27 Mar

The Opposite of Fitts’ Law – Coding Horror

The next time you're constructing a user interface, you should absolutely follow Fitts' law. It just makes sense. But don't forget to follow the opposite of Fitts' law, too — uncommon or dangerous UI items should be difficult to click on!

via Coding Horror: The Opposite of Fitts’ Law. Keep stuff nearby for your users but make sure they don’t hurt themselves in the process.

11 Feb

Insight: When debating UI – 37signals

When debating UI, a picture is better than a description. And a functional mockup is better than both. But debating UI without being able to look at something is a waste of time.

via Insight: When debating UI. You would have to be crazy to not examine a mockup or at least a sketch of a UI until you see in the context of it’s surroundings and have a genuine understanding for what the element(s) will bring to the design.

18 Nov

Keep Lowering the Bar: On Everything

Want to become a successful candidate, business, tool, whatever – then keep lowering the bar towards people interacting with you. Companies that raise the bar towards interaction with the business and the people involved in the business will eventually fail. No matter how large you are, the people want and enjoy easy access. Even if they don’t consciously realize it they will go for the business that has a lower bar to buy from.

Apple’s first genuine hit was the Macintosh with a graphic user interface that made it easy for everybody to understand how to interact with a computer and see what was going on. What sparked Ebay’s first real success ease of access, selling was quick and painless. If you didn’t sell well who cared it was junk anyways. YouTube lowered the bar towards sharing videos online, Flickr photos, Google searching, Obama to donate and get involved, the list goes on and on. Why is MasterCard adding the ability to pay with out even pulling out your card, ease of access towards that card. The easier it is to use your MasterCard the more likely you are to use it.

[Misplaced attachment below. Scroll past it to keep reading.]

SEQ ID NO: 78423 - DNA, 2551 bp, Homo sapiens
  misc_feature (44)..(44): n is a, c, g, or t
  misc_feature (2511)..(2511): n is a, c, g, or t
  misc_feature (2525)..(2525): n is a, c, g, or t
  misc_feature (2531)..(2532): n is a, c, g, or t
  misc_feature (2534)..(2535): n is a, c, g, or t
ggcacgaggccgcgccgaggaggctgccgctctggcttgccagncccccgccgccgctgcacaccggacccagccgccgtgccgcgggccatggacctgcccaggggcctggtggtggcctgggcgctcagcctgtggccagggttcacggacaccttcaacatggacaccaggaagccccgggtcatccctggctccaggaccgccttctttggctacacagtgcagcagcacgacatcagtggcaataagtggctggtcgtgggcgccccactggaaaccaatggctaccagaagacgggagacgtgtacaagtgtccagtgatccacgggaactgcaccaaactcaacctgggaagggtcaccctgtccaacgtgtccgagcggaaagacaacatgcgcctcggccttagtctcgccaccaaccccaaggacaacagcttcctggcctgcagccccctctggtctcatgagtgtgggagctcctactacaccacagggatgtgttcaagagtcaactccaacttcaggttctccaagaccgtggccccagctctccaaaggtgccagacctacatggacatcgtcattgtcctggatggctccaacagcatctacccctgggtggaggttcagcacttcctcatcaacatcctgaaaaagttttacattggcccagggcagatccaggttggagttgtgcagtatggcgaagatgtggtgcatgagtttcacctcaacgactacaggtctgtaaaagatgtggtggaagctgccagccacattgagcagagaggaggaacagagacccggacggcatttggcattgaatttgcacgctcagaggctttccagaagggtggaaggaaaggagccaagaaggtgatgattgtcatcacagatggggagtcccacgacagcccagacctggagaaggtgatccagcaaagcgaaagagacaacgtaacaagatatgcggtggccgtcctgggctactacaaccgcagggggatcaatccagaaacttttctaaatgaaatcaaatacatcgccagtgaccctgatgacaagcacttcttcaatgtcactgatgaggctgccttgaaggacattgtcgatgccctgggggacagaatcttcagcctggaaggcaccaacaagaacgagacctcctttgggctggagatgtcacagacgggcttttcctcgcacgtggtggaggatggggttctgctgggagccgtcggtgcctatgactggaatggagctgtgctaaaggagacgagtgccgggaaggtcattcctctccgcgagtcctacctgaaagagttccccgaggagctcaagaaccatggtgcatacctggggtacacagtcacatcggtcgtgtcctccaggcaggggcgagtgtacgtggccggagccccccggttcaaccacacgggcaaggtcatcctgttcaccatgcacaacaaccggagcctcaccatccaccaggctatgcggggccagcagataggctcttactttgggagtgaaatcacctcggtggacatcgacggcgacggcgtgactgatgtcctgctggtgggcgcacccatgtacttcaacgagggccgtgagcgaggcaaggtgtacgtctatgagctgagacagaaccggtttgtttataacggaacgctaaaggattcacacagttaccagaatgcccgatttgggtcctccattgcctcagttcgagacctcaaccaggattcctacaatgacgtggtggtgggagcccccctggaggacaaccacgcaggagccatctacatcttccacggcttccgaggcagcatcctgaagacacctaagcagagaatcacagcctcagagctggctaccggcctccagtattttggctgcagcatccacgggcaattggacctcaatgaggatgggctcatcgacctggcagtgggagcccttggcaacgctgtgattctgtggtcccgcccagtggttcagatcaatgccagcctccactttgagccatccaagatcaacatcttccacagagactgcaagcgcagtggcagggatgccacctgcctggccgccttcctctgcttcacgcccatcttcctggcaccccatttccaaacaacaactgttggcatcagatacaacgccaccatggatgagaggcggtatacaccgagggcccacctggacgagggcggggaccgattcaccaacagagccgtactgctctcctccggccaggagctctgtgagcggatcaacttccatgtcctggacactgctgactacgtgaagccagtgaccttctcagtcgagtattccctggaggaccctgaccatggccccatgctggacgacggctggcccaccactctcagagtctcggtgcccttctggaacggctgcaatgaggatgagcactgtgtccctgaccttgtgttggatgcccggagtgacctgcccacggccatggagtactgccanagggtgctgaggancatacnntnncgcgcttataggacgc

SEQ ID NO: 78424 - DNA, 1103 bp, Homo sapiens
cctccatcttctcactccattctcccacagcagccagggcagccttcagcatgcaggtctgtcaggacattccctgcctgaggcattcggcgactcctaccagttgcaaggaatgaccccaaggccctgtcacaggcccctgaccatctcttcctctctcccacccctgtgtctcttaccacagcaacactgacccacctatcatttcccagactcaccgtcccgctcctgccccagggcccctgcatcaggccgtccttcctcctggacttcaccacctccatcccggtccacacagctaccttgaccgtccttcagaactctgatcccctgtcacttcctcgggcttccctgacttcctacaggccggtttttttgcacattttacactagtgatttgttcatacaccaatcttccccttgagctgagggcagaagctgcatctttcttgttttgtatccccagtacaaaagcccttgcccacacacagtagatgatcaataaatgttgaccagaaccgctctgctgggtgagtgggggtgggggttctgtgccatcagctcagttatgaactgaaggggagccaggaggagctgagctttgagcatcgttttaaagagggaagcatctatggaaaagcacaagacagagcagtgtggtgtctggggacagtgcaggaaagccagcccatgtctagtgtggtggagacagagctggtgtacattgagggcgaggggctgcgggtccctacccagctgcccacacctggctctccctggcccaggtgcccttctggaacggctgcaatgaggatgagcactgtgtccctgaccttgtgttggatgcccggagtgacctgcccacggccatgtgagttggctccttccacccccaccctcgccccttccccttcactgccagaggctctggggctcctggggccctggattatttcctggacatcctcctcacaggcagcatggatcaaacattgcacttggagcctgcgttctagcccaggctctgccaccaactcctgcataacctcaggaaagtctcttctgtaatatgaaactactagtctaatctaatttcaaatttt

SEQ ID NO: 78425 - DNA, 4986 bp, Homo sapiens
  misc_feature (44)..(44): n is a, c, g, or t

As a business you should not create artificial barriers towards letting your users interact with your business/product. This means provide lots of free samples, make it easy to get in touch with you, make your web site easy to navigate and fun to use.

If you are a software company make you applications easy for your customers to get their hands on and use. Interfaces should be clean and easy to grasp. Limit preferences, most of the time the defaults are just fine, the more settings you have the more chances you have to confuse your customers. If a customer can’t grasp an interface the user doesn’t need to be educated the interface needs to change.

I don’t know if the bar can ever be low enough or if it ever is too low, but the lower you make the bar the more likely you are to attract people to your product (be it software, hardware, food, information, skill, or even yourself) means that many more potential customers.

Thanks to Matt Cutts for the inspiration of this post based on his review of the Google Voice Search iPhone App. Specifically “The easier/faster it is to search, the more I searched.”